CLEVELAND — Thursday was a surprisingly sunny day in Cleveland but it could’ve easily been confused with a Sunday spiritual revival, a Saturday morning tailgate outside an SEC football stadium, or some Frankenstein combination of the two. Cleveland is far from a small town but has adapted many of those qualities with the return of the NBA season — and a certain homegrown talent.
People played hooky from work to walk around downtown streets in Cavaliers T-shirts and jerseys from vastly different eras in franchise history. Bars posted window signs to fuel the anticipation that had nearly four months to build. The streets and parking garages surrounding Quicken Loans Arena were filled with revelers ready to take in a special moment that once seemed unimaginable but was about to be crystalized: LeBron James is back.
But while the city, state and region was prepared for a party, the guest of honor never arrived in the form that they had grown accustomed. When he wasn't fumbling the ball or working too hard to be unselfish, James was struggling to find comfortable places on the floor for his shots. The sellout crowd waited in vain for a heroic finish that never came, as a new era for the franchise ended with a 95-90 loss to the New York Knicks.
“Who wouldn’t peak emotionally with a night like this?,” James said. “It’s nothing you can do about it. Emotions are going to run. Everyone was excited for this game.
“I just tried to stay focused and maintain. Focus as much as I could.”
James said recently that he was ready to be a role model for his community, a superhero even. But for the first time in a while, the four-time most valuable player now in his 12th season appeared to be affected by the same jitters and anxiety that affect other mortals.
The godsend in a headband tossed up his pre-game talcum powder but, at times, fans had to wonder if it was some other mysterious substance with the way the ball was squirting from his hands. James scored 17 points, had eight turnovers and made several uncharacteristic late-game mistakes: He fouled long-time friend Carmelo Anthony on a three-pointer and was called for an offensive foul when he knocked over Knicks guard Iman Shumpert.
Anthony ruined the evening entirely with 25 seconds remaining, when he hit a jump shot with James all over him and sent fans accustomed to disappointment home in stunned silence.
“It was a huge night. It was exciting for the fans, exciting for the city but now we can just play regular basketball,” said James, who left to catch a flight to Chicago, where Cleveland will face the Bulls on Friday. “Obviously, it was a special night for not only myself but for everybody. It was great, but I’m also glad it’s over.”
Before tip-off, some had gathered around the corner of Ontario and Huron and stood for several hours to watch a 2,500-pound Nike billboard to be lowered in a spot which, for the past four years, advertised a local paint company. This time around, instead of asking an adoring populace to witness James's greatness, the new ad has James's back to onlookers with the word “Cleveland” above the No. 23 instead of his last name — a symbolic representation of his new role in town.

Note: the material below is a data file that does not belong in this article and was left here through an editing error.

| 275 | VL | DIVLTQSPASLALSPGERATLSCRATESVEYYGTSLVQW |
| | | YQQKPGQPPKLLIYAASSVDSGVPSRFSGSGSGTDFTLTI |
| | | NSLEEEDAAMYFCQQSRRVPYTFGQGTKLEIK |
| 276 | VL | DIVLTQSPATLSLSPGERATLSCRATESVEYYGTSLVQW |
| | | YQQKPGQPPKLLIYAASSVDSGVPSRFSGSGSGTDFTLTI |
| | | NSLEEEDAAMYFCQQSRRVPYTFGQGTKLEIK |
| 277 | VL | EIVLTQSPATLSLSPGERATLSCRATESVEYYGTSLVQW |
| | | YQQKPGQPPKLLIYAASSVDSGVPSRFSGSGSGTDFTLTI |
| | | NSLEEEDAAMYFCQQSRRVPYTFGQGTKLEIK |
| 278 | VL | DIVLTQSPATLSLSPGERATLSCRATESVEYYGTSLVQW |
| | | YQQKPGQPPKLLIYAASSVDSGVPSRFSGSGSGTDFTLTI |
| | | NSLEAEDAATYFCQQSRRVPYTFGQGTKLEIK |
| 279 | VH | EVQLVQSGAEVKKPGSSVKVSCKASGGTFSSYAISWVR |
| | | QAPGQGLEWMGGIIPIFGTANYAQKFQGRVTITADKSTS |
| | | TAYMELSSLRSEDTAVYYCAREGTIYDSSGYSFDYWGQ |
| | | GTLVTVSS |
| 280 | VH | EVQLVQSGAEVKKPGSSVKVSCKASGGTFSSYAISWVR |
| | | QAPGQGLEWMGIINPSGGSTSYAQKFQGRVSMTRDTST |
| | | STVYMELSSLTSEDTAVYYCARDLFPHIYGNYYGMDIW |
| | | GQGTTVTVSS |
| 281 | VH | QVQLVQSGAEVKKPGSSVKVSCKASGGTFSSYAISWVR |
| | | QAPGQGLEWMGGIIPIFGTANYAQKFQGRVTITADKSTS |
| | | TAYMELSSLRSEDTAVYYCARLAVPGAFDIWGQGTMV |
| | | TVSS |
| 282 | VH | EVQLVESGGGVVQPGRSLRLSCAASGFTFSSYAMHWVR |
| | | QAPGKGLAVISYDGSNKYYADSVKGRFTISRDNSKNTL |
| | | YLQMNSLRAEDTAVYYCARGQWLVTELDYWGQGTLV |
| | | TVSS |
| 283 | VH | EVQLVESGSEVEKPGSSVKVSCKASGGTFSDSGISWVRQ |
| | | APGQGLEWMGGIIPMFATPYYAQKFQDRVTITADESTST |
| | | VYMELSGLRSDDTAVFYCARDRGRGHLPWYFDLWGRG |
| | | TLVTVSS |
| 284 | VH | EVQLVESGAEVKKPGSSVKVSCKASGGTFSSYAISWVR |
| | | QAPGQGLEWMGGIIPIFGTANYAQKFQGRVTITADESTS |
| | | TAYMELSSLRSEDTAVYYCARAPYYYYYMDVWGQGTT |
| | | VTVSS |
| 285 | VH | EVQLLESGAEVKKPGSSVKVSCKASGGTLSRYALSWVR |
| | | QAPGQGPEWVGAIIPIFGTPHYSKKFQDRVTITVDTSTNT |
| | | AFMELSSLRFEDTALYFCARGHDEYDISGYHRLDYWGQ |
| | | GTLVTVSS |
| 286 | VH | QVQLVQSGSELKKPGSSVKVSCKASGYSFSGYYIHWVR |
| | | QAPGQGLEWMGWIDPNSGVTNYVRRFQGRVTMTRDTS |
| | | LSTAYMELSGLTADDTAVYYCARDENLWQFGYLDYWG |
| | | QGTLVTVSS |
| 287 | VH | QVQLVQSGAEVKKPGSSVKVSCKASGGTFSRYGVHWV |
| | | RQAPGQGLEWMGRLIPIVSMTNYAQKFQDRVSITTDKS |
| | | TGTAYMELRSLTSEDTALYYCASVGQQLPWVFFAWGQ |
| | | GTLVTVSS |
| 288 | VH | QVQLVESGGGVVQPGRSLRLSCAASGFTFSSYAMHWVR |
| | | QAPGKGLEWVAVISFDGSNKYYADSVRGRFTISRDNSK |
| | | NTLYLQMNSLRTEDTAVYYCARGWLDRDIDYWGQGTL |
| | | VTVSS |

The game tipped off at 8:13 p.m. but that was a treat for only 20,562 people with the financial wherewithal or necessary connections to get inside Quicken Loans Arena. For everyone else in the vicinity, it provided a chance to gather around nearby blocks to have a celebration for an affirmation: Cleveland is relevant again.
This blue-collar city on Lake Erie might not have the glitz of South Beach or the glamour and spectacle of Los Angeles or New York, but after an extended, painful separation, it has the game's best player again. And for that reason, chests can be puffed out a little prouder because the worship of pro sports teams in this town might finally yield some fulfillment.
James's time with the Miami Heat gave him the championship rings he cherished, as he teamed with Dwyane Wade and Chris Bosh to win twice in four years. But it also helped the Akron native gain more of an appreciation for what winning a title could do in a community that hasn't won a major professional title since 1964 — 20 years before he was born.
Perhaps no other athlete resonates with his native community like James does here, and over the past few weeks, Nike, Beats by Dre and Sprite released emotional advertisements reflecting the four-time most valuable player's connection to Akron and Northeast Ohio in general. This week was even more emotional for James as he and wife, Savannah, welcomed their third child, baby girl Zhuri Nova.
James had maintained so much calm in the days leading up to his redo debut. He refrained from saying anything hyperbolic to attract too attention to a team that is going to be the epicenter of the sport simply because of his presence. But after Wednesday's morning shootaround, James let slip a comment that revealed the magnitude to which he viewed the first game of his second life as a Cavalier.
“None of us should take this moment for granted. It's one of the biggest sports events ever,” said James, who has played in five NBA Finals and three Olympics.
A pregame concert featured comedian Kevin Hart, rapper Kendrick Lamar, and indie rock band Imagine Dragons. Usher sang the national anthem. The stands were filled by the likes of Justin Bieber, Michael Strahan, Knicks fan Spike Lee and Browns players Joe Haden and Johnny Manziel.
But there was really just one main attraction in Cleveland and — despite being given an ideal homecoming opponent in a Knicks squad that had lost by 24 points the night before against Chicago — James seemed too anxious and too distracted to save the day.